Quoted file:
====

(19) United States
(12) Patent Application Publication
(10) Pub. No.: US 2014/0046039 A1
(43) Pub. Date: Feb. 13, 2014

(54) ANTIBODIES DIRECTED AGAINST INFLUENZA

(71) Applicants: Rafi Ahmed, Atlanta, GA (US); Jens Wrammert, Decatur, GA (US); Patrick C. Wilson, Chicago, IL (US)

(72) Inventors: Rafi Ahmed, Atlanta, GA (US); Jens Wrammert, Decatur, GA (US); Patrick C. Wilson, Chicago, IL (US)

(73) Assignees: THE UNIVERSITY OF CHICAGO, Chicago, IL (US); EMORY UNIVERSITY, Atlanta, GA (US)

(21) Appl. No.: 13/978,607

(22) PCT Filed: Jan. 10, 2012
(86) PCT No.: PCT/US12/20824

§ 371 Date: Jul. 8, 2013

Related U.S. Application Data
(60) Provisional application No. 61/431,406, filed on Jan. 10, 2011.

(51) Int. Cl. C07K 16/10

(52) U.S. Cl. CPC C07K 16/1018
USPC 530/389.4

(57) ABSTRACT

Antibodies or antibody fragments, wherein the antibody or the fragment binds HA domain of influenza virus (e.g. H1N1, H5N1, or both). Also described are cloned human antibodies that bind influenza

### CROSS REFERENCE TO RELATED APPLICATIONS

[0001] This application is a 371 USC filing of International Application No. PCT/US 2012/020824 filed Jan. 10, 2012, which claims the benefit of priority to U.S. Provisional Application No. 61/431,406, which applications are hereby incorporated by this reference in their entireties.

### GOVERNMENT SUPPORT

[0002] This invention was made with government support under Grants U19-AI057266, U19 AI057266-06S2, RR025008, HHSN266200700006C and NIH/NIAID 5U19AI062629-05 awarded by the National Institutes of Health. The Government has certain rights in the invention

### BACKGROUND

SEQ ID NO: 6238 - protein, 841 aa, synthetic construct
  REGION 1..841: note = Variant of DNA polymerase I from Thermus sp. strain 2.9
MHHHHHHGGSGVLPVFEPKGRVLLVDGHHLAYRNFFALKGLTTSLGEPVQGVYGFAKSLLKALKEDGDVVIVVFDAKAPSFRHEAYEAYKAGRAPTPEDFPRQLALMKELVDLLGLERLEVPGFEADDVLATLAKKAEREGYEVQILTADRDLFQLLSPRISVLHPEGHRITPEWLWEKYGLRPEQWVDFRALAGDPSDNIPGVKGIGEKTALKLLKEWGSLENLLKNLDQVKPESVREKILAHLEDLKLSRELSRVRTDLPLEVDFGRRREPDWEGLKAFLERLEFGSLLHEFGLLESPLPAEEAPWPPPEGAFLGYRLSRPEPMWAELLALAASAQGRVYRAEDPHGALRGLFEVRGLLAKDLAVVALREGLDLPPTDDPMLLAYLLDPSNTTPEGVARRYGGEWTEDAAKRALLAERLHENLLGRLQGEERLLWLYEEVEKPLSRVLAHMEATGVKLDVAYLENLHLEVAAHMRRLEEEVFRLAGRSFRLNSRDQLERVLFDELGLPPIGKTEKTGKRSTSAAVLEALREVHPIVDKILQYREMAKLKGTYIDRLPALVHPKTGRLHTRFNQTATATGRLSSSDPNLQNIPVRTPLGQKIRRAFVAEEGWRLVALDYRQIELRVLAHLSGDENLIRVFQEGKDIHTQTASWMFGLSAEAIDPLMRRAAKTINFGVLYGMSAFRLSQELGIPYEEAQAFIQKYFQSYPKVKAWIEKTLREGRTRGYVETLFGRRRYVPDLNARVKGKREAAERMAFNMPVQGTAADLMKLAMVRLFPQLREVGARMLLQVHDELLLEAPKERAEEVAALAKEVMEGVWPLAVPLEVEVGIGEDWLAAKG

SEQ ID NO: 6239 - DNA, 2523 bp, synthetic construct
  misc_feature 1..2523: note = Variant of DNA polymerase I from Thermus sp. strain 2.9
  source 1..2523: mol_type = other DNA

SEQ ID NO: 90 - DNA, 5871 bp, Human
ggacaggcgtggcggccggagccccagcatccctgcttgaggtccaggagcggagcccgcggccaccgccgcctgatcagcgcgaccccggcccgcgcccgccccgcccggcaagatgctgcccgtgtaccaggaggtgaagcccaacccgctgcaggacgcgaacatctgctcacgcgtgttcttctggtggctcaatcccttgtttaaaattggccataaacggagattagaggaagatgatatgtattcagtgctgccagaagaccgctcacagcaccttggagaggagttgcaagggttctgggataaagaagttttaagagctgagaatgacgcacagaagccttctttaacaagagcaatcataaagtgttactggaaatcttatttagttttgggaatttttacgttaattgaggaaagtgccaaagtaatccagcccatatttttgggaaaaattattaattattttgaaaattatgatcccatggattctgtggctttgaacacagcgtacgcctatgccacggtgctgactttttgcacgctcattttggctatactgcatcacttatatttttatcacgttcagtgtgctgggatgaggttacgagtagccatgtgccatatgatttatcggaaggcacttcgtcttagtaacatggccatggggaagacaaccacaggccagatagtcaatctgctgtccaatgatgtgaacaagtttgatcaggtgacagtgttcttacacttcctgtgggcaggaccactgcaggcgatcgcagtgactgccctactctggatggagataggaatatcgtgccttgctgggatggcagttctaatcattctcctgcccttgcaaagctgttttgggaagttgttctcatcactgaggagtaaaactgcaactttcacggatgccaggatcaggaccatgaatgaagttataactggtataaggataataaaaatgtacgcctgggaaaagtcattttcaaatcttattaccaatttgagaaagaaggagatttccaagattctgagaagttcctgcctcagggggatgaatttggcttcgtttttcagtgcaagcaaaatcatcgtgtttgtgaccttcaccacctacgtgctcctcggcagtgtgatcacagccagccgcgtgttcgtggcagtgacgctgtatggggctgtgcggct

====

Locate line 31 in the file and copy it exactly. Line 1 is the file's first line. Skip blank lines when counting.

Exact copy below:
SEQ ID NO: 90 - DNA, 5871 bp, Human